Keep it Familiar

Many founders like to name their business with something familiar to them. My Asian clients are particularly fond of this practise. How many ‘Golden’ restaurants or Win Win or Double Win Enterprises are there out there? Golden Bell restaurant may sound good for a Chinese food restaurant but doesn’t have the same impact for a petrochemical consultant. My engineer client wanted to be considered the North American educated consultant she is and in a very serious business like oil and gas, she knew first impressions are important.

We came up with Stonebridge Petrochemical Consulting giving an image of strength (a bridge of stone), longevity and Anglo Saxon for sure. Headquartered in Vancouver her business sounds like it has been around for years. WE figure the name itself was a major aspect of her business success over the first couple of years.

I see nonsensical names all the time. The owners see the name as wildly unique but most consumers see it as idiotic and confusing at the least. If you must explain the spelling and meaning of a business name every time you announce it you have lost people’s interest.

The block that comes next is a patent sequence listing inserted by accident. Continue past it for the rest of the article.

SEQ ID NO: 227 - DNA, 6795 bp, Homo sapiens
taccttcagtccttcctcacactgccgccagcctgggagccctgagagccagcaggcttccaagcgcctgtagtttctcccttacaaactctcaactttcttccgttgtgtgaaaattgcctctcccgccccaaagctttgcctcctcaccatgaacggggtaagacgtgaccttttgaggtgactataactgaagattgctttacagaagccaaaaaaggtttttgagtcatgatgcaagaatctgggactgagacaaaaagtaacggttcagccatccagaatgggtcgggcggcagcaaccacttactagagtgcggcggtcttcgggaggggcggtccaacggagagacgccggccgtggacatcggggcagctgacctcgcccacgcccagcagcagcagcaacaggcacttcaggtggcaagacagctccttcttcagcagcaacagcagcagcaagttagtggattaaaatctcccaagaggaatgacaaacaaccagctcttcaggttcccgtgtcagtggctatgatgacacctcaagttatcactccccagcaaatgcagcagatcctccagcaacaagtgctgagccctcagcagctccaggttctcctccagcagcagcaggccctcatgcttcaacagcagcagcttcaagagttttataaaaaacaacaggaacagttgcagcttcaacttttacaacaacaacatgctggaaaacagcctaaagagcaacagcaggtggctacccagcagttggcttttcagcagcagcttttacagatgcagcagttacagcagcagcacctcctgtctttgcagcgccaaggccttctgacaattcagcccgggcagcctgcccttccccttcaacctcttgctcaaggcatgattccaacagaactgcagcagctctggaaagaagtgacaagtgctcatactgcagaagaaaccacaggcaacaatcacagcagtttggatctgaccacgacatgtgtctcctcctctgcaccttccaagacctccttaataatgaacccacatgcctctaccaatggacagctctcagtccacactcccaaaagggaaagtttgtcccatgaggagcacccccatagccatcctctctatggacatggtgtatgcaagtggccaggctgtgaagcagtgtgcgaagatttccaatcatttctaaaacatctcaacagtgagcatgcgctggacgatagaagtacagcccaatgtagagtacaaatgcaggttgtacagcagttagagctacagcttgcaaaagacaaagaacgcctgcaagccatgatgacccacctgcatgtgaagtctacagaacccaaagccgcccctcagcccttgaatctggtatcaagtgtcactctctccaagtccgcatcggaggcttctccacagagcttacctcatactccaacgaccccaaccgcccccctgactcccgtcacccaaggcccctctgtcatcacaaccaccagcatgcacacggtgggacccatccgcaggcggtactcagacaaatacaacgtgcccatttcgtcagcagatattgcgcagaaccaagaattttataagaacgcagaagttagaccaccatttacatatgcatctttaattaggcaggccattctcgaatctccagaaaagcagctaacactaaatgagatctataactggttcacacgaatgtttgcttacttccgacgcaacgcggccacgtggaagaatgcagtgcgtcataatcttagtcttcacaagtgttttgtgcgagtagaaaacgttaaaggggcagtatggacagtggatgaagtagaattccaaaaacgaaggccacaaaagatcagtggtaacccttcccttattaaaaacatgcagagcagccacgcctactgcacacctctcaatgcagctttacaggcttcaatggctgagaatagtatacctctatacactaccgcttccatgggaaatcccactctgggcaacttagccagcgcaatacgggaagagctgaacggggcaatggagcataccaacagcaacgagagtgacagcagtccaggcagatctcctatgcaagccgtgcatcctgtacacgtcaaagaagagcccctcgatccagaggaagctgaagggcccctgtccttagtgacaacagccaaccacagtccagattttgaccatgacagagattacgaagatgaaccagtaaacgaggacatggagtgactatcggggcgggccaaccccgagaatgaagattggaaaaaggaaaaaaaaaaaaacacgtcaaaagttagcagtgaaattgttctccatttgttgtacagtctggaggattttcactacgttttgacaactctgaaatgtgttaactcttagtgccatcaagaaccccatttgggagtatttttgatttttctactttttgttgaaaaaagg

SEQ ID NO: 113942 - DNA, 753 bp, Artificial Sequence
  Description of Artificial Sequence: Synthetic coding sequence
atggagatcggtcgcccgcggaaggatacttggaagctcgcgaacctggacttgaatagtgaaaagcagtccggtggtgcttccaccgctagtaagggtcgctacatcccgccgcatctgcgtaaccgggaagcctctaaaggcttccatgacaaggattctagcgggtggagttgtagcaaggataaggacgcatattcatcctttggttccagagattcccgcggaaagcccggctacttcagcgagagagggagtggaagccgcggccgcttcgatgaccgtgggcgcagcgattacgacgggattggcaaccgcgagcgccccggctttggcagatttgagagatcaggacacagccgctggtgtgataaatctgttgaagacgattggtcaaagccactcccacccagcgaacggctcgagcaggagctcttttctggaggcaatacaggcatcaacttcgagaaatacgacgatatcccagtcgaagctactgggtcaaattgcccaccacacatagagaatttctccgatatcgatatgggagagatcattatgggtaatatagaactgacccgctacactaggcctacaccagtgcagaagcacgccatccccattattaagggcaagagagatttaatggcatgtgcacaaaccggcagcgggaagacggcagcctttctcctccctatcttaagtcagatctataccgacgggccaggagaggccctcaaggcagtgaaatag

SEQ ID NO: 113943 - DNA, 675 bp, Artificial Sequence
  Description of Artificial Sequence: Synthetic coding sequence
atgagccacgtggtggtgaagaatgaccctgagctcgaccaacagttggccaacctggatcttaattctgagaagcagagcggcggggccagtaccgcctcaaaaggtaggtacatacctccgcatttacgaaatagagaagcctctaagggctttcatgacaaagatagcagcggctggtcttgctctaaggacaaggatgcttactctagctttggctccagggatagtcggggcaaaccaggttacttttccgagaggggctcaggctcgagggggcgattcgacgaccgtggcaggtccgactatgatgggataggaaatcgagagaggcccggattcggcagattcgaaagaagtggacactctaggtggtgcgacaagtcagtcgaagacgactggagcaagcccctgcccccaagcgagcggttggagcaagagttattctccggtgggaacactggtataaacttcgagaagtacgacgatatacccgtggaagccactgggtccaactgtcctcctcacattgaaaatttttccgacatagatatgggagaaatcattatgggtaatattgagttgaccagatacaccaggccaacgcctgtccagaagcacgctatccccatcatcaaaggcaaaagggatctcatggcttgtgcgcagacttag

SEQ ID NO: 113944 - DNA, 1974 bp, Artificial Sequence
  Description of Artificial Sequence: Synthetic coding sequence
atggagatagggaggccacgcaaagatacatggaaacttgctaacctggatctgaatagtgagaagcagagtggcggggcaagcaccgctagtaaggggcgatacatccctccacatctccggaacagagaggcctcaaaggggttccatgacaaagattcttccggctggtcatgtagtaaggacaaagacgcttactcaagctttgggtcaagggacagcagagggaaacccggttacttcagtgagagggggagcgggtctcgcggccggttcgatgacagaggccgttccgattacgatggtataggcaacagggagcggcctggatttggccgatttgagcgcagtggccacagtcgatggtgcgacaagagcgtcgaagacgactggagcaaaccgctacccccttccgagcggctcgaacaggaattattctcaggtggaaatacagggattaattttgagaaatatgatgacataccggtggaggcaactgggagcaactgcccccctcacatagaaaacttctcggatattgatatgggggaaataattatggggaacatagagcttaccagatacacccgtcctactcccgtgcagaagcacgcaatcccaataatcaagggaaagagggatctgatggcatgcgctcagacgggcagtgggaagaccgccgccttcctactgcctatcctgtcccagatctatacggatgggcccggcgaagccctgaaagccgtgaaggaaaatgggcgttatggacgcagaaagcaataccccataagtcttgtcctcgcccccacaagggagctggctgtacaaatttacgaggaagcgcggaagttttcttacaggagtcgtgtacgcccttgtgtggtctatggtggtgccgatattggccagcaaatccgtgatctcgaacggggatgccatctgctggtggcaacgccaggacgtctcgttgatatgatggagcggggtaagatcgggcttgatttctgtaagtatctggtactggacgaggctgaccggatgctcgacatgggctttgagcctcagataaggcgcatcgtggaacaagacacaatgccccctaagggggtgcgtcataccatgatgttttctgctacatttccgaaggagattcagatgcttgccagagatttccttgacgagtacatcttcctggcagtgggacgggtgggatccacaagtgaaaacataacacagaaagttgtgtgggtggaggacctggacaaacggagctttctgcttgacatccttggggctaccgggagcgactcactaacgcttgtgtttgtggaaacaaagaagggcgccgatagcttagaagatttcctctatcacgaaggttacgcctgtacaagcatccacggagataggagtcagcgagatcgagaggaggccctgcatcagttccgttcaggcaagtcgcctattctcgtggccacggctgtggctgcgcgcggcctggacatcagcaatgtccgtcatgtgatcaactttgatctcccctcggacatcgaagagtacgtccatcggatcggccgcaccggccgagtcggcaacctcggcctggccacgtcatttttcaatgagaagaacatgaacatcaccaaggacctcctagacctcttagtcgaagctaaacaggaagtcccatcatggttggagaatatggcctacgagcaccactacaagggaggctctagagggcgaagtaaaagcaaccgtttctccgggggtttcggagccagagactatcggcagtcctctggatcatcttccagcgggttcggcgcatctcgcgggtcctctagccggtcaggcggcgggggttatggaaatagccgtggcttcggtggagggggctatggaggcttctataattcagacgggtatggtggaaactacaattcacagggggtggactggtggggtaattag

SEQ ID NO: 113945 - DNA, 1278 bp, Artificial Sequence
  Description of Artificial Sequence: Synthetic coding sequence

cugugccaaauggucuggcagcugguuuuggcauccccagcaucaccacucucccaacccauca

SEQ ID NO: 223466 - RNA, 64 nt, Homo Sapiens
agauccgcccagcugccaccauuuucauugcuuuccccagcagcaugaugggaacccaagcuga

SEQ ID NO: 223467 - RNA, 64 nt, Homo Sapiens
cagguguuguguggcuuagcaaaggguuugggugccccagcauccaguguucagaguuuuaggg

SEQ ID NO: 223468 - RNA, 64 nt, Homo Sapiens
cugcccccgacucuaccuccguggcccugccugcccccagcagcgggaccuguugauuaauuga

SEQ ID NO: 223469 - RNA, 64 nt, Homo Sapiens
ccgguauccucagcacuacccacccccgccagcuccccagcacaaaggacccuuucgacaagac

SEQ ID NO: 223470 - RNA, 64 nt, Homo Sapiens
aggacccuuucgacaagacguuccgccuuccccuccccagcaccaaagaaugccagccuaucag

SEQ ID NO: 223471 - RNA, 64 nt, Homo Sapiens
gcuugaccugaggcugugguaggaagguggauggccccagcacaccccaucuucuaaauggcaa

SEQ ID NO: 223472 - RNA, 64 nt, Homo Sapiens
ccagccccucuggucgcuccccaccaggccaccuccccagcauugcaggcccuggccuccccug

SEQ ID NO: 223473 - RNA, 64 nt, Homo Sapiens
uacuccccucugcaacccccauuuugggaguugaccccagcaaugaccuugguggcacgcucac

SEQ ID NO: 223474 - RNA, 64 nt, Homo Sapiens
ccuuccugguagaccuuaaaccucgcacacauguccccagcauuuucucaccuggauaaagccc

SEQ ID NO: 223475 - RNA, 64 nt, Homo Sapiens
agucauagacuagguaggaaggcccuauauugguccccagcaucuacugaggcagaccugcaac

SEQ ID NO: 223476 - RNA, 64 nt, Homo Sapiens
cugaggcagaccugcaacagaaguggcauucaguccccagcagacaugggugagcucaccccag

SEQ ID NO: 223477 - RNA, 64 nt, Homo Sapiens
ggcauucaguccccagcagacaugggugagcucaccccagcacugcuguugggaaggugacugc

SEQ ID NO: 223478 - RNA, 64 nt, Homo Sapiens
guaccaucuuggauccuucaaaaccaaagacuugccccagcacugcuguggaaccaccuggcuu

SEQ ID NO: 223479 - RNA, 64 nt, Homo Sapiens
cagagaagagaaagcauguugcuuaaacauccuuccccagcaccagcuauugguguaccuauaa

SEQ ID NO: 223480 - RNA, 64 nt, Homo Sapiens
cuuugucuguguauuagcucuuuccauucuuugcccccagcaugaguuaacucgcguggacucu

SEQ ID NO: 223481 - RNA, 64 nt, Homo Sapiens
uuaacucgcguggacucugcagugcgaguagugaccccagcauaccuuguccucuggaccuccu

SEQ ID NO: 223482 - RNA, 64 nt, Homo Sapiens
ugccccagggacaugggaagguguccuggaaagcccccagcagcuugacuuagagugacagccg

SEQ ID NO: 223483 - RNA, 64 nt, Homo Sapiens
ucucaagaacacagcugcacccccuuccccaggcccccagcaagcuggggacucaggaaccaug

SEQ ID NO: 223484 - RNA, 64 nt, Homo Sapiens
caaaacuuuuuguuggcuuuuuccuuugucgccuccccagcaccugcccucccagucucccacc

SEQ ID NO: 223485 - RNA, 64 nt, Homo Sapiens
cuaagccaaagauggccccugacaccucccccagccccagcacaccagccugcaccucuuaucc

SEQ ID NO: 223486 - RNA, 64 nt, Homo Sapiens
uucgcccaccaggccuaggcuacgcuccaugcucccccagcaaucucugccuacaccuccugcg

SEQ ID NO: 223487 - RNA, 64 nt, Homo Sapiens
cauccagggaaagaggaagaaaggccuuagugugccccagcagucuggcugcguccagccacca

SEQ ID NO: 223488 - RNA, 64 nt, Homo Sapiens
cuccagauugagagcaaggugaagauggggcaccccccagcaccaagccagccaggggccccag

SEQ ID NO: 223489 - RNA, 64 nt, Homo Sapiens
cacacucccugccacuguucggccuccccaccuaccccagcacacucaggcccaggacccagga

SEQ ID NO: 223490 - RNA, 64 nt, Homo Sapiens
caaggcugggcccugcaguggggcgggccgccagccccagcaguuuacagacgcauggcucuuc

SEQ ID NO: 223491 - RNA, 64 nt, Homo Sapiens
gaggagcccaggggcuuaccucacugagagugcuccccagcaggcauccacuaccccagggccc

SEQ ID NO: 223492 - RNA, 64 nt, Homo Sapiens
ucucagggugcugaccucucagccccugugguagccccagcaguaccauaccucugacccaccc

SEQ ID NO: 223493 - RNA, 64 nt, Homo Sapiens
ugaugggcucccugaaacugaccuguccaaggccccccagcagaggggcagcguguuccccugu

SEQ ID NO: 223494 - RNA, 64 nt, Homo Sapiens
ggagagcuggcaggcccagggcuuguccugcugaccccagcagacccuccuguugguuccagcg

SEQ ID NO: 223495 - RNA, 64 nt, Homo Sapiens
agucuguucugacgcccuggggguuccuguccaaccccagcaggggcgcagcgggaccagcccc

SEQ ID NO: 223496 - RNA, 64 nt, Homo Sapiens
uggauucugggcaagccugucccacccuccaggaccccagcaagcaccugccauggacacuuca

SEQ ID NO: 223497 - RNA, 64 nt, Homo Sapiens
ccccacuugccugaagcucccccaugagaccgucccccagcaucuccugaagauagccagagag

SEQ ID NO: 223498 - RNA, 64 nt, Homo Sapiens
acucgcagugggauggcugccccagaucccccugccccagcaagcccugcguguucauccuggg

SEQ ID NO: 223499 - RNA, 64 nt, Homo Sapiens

I’ve seen this trend as far back as 2008 with names like Kre8tv Technologies (of course, it’s out of business) but in 2013 things went full tilt crazy. Qustodian, a mobile ad platform in the U.K., saw themselves as the “custodians of people’s data. Qustodian was the closest available domain name!” This kind of choice is seriously flawed. How does one find them in any search?

Some companies tend to find that dropping vowels makes the company sound edgy.”Unbxd came about as a way to describe a school of thought that wasn’t confined to boundaries,” the founder said. “In a way, we wanted a name that had more to do with our vision than our product.” What? They must spend a fortune on sales people because otherwise how do you find them in the marketplace. Their investors, Eight Roads (formerly Fidelity Growth Partners) must have been into the same Kool-Aid.